Asparagus is also rich in one particular antioxidant flavonoid called rutin. Many of our WHFoods contain rutin—just not in the same amount as provided by asparagus. (Buckwheat would be an exception here as it is actually higher in this flavonoid.) Rutin has been especially interesting to researchers because of the special role it may play in Maillard reactions. In the kichen, Maillard reactions are familiar to us as the browning reactions that take place when the sugars in food react with amino acids. (The browning of bread when toasted is a good example here.) When rutin is present during the Maillard reaction process, it may become involved with the Maillard reaction products in such a way as to increase free radical scavenging and to lower risk of oxidative stress.

The overall antioxidant capacity of asparagus has recently been measured by researchers in Brazil. These researchers analyzed 23 commonly eaten vegetables in Brazil (including asparagus). Their overall results showed turmeric, watercress, lettuces, and broccoli to provide the greatest overall antioxidant capacity. However, in some of the vegetables testing, asparagus came out in the top 10 among all 23 vegetables for overall antioxidant capacity. This finding is not surprising, given the many conventional and unconventional antioxidants present in asparagus. It's worth remembering here that asparagus ranks as an excellent source of both vitamin E and vitamin C—two spotlight antioxidants—as well as the mineral selenium, which plays a key role in the function of glutathione peroxidase (one of the most-studied antioxidant enzymes in the body).

The polysaccharides in asparagus are also important to include in this section on antioxidant and anti-inflammatory health benefits. Polysaccharides are a very common type of complex carbohydrates, and you will sometimes hear them being referred to simply as "starches." Most of the polysaccharides analyzed in asparagus to date involve the inulins and heteroxylans. These two large families of polysaccharides are not as common in foods, especially in concentrated amounts. In animal studies, the polysaccharides in asparagus have been show to have both antioxidant and antitumor properties. With respect to the inulins, it is also worth noting here that while asparagus is not quite as rich in these polysaccharides as chicory root or Jerusalem artichoke, it is still a quite concentrate source.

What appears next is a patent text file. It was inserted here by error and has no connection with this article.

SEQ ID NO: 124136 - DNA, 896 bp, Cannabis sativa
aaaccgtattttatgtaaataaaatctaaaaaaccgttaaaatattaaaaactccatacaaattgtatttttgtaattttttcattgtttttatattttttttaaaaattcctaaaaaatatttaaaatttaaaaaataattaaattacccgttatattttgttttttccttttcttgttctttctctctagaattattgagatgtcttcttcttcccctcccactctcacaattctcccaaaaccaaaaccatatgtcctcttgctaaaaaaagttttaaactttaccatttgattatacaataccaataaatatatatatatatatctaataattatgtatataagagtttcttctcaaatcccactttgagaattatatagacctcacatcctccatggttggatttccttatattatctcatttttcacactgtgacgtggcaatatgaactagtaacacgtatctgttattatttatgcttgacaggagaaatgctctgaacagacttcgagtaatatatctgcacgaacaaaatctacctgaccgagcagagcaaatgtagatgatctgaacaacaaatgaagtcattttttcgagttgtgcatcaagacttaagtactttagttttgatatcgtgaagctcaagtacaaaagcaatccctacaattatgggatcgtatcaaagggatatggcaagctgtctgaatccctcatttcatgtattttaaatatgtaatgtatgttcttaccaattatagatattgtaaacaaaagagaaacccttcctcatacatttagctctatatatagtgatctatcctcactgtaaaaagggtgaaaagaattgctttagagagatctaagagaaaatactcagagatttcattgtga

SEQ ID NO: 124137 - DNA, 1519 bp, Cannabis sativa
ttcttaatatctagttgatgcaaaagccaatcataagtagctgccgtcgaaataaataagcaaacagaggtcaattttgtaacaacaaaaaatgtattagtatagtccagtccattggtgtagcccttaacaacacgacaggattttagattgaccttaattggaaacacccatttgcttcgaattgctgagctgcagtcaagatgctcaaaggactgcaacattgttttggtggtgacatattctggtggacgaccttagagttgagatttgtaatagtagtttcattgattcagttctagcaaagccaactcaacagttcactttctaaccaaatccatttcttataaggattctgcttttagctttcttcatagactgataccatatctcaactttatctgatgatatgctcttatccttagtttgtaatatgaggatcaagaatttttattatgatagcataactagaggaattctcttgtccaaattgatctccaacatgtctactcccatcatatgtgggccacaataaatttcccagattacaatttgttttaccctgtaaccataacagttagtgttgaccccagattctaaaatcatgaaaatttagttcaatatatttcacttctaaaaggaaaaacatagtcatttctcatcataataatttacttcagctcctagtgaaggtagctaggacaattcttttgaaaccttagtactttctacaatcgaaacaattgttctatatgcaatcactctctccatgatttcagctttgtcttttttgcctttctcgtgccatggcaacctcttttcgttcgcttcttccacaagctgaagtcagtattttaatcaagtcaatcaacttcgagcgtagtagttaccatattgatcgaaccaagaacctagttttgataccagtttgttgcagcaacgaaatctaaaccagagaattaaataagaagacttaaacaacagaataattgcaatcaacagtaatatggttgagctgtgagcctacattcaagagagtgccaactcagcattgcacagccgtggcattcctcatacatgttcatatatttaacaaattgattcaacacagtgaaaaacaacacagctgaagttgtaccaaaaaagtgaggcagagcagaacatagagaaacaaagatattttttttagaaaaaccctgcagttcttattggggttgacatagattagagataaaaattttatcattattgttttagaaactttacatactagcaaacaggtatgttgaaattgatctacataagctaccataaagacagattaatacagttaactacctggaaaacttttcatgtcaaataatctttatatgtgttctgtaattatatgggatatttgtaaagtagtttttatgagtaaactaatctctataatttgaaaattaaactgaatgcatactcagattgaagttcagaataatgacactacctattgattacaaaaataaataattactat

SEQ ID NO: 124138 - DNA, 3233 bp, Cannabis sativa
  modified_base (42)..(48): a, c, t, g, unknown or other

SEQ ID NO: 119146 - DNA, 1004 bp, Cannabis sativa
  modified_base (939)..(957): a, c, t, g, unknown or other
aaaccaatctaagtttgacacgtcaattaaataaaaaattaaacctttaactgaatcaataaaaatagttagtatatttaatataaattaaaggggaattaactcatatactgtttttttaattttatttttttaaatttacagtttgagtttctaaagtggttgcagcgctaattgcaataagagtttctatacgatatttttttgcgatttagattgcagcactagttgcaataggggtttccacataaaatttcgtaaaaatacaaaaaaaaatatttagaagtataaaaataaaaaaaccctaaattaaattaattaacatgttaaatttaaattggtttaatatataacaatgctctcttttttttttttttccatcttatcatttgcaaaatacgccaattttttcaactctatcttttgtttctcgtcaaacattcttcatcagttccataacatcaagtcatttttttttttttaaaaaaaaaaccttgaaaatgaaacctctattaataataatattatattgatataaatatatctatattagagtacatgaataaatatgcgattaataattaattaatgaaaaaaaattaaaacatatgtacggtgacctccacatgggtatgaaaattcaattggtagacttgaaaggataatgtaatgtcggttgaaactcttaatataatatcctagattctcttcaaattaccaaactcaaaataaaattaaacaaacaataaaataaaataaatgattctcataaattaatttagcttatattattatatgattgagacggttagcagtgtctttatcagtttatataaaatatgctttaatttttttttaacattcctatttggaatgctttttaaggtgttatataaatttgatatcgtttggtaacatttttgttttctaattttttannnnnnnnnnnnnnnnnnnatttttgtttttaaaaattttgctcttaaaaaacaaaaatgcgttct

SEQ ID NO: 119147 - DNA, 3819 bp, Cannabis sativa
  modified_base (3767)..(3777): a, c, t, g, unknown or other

Other Health Benefits of Asparagus

There is a considerable amount of animal research (involving almost exclusively rats and mice) involving asparagus extracts and the development of three types of chronic disease: cancers, type 2 diabetes, and high blood pressure. In the area of cancers, most of the research has focused on the antioxidant and anti-inflammatory properties of asparagus extracts, even though some of the compounds in these extracts have been found to have direct antitumor properties. In the area of type 2 diabetes, the focus has been on better overall functioning of the beta cells of the pancreas that produce insulin—typically leading to better insulin secretion and better regulation of blood sugar. In the area of high blood pressure, one particular compound in the asparagus extracts—called 2"-dihydroxynicotianamine—has been shown to inhibit the function of an enzyme called angiotensin-converting enzyme (ACE). Because ACE activity results in a constricting of our blood vessels (including our arterial blood vessels), inhibition of ACE can help prevent this constriction. By preventing blood vessel constriction, the blood vessels keep a wider diameter and there is less pressure on our blood.

We would emphasize that the vast majority of studies that we have seen in all three of these areas involve rats and mice provided with asparagus extracts rather than humans enjoying asparagus in their meal plans. Hopefully, future researchers will look at these same types of events in large-scale studies on human participants who include differing amounts of asparagus in their diets.

Description

A former member of the lily (Lilaceae) family, asparagus has fairly recently been assigned a unique family of plants bears its name—the Asparagaceae family. Many plants in this family are non-edible—and in fact, so are many varieties of asparagus itself. However, there are some very welcomed exceptions here and one of these exceptions is what we simply called "garden asparagus" (Asparagus officinalis).